Kindest regards.

Brian.

About Brian

Brian Groves DipM MCIM Chartered Marketer, Coach, Trainer and Author, supplies professional and personal development to a portfolio of corporate and individual clients.

As an Adjunct Professor at the Catholic University of Milan, Italy, Brian taught a postgraduate course, using four characters taken from dramatic texts as coaching clients, to examine various work-related performance matters.

Brian’s goal is to support through coaching, training and writing all who wish to live their potential, in education, work or life in general.

You can contact Brian via e-mail (brian@bgdtcoaching.com), by clicking on the icons or leaving a comment below.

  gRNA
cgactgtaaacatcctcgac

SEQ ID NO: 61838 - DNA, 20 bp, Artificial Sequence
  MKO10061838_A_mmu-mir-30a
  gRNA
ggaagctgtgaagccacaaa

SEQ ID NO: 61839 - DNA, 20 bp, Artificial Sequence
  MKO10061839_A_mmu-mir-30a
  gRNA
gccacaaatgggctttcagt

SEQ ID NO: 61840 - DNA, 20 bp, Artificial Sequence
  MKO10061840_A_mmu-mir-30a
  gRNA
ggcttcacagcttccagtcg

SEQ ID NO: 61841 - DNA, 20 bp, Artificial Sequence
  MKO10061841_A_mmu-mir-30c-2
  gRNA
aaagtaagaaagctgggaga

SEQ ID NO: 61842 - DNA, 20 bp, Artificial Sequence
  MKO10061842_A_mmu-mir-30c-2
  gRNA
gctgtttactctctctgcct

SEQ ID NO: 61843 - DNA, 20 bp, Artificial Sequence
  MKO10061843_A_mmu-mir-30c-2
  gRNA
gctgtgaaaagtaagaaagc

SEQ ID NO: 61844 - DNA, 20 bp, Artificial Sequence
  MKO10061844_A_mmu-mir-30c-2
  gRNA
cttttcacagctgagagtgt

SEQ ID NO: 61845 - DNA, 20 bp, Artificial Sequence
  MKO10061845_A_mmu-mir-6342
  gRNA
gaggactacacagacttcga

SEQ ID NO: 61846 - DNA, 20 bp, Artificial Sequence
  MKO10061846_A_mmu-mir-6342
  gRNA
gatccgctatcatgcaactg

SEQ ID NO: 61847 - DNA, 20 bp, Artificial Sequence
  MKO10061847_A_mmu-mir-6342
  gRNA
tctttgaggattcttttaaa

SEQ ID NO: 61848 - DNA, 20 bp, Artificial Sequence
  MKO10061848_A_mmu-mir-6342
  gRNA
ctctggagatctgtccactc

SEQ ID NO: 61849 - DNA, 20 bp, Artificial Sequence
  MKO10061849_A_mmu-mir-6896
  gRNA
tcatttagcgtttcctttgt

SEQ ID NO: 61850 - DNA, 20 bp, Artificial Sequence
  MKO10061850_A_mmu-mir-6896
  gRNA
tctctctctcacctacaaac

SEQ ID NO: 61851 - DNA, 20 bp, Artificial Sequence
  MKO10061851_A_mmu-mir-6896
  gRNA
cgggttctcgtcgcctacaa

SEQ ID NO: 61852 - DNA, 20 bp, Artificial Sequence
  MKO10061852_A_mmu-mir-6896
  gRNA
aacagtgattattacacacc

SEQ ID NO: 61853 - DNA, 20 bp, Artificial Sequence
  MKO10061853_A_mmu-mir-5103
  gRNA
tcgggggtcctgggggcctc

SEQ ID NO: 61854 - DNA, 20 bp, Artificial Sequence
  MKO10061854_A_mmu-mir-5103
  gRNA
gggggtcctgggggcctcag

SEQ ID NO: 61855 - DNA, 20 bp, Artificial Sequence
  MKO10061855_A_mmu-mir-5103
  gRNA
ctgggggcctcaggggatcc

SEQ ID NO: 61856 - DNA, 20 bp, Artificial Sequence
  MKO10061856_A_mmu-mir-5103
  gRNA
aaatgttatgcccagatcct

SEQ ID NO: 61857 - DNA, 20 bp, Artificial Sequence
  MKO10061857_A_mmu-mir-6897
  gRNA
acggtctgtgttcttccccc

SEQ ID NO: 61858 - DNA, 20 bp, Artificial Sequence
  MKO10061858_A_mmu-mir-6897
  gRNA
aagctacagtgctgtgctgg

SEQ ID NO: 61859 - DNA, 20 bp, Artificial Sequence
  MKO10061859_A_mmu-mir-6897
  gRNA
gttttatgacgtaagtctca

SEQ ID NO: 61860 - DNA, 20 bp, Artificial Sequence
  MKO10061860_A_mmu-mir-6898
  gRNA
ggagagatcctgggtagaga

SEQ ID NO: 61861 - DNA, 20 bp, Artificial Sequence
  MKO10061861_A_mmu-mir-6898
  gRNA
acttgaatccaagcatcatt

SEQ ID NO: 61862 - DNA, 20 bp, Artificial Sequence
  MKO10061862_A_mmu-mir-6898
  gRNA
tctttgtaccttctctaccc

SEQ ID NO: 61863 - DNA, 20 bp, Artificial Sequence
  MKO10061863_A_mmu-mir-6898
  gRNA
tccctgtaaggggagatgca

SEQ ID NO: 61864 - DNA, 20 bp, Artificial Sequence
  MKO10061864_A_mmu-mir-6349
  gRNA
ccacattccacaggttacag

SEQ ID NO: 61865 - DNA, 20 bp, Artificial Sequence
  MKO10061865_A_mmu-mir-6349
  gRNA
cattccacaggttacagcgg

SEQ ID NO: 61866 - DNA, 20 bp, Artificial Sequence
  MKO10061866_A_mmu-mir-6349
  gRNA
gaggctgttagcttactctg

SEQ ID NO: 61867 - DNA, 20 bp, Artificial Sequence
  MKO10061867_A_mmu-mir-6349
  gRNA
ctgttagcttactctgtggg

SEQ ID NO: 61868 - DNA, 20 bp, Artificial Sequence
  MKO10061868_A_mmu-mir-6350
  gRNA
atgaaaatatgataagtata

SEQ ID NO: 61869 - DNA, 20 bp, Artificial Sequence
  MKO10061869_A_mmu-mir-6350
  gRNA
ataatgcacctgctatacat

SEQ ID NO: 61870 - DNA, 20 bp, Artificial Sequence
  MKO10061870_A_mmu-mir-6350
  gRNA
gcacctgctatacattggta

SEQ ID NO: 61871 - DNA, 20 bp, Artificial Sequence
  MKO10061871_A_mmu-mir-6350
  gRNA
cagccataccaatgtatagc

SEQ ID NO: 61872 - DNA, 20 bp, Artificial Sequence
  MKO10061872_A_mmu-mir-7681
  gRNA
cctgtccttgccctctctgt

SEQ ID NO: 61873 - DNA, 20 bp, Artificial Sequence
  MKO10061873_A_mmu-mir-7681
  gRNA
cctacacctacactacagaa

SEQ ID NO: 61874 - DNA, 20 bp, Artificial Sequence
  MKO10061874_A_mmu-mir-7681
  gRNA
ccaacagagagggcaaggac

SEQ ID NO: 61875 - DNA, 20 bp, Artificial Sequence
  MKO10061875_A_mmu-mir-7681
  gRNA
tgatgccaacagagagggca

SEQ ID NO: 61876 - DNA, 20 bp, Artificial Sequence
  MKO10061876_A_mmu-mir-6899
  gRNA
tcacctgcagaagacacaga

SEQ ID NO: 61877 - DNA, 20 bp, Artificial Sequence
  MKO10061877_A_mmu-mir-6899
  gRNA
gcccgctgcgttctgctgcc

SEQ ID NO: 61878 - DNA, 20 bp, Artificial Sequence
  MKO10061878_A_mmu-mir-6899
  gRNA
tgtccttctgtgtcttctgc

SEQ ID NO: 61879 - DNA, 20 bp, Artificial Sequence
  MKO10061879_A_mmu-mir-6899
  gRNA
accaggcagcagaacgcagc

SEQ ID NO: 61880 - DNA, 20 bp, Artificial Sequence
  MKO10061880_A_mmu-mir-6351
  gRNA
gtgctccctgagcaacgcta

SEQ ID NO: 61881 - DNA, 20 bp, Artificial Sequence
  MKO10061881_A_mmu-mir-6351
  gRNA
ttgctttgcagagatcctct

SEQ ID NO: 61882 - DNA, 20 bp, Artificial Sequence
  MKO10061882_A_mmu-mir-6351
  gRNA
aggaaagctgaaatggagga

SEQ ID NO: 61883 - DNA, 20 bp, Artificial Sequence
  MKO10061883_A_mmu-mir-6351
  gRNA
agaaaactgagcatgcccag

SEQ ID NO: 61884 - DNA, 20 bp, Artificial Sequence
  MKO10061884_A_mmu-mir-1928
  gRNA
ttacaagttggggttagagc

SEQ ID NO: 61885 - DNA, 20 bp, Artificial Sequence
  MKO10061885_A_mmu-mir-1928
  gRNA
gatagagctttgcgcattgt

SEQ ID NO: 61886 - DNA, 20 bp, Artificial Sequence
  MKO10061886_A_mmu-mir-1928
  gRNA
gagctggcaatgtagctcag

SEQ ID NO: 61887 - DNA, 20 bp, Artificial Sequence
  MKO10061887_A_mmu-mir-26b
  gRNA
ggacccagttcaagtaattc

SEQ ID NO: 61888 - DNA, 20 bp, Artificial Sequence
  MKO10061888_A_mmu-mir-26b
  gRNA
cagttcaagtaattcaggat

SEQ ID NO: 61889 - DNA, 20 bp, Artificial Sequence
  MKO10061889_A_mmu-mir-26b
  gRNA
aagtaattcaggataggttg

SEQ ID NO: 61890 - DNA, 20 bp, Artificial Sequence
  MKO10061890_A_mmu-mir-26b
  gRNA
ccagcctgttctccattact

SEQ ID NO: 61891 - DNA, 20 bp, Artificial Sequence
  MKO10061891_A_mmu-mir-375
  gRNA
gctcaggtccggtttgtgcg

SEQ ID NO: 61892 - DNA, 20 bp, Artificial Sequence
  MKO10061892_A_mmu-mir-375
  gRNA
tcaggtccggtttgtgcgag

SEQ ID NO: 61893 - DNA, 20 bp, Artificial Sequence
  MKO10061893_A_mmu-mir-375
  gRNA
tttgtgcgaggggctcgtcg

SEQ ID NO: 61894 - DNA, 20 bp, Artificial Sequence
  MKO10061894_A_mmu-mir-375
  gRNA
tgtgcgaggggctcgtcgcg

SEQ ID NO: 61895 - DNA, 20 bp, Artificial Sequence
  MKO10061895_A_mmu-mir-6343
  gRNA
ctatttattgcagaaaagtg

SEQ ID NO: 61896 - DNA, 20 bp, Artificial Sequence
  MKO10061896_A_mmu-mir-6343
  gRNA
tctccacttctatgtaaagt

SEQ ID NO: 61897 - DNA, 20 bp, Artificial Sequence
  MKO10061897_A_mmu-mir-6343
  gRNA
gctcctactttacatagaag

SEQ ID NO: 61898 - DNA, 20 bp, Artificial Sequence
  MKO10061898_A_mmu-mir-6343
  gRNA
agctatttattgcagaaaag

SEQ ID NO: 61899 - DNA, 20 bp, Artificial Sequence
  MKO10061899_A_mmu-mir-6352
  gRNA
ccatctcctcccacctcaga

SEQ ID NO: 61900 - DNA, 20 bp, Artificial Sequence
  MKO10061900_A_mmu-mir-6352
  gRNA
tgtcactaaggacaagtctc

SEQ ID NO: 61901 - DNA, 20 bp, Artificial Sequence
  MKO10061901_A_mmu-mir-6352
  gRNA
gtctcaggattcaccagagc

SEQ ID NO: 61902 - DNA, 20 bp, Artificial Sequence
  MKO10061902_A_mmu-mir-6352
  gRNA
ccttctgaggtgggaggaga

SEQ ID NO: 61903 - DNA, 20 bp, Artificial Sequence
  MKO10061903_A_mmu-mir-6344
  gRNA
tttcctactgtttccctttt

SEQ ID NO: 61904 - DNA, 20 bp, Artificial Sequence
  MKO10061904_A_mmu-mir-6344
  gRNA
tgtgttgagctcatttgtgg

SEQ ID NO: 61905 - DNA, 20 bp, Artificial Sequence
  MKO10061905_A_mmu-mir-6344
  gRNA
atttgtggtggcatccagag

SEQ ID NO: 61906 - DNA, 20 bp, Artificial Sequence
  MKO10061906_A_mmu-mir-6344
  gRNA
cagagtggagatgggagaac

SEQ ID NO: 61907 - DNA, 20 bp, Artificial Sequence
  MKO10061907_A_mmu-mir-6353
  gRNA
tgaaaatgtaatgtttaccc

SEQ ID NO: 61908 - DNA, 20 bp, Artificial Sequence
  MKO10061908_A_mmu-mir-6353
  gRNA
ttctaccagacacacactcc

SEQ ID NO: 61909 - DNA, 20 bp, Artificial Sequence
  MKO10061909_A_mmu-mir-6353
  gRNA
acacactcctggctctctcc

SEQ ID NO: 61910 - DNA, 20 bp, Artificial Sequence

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Appreciating the spectacle nature offers us

October 28, 2018

Nature scene of colourful sky

Appreciating the spectacle nature offers us is a free activity providing an incredible return. There are few sights more inspiring than the sky splashed with colour or the waves breaking against the shore.

Giving ourselves the time to engage in appreciating the spectacle nature offers us is also a gift we all surely deserve on occasions. And regular indulgence will, unlike other treats, be endlessly advantageous to us too.

Heightened imagination, creativity and a sense of being part of this wonderful world are just a few of the benefits we receive as we go about appreciating the spectacle nature offers us.

On the other hand, certain actions – polluting the sea with plastic, fracking and unregulated building, for example – are ways we destroy the chances for future generations of appreciating the spectacle nature offers us. Awareness of our actions would be a good first step to changing our ‘less charming’ habits.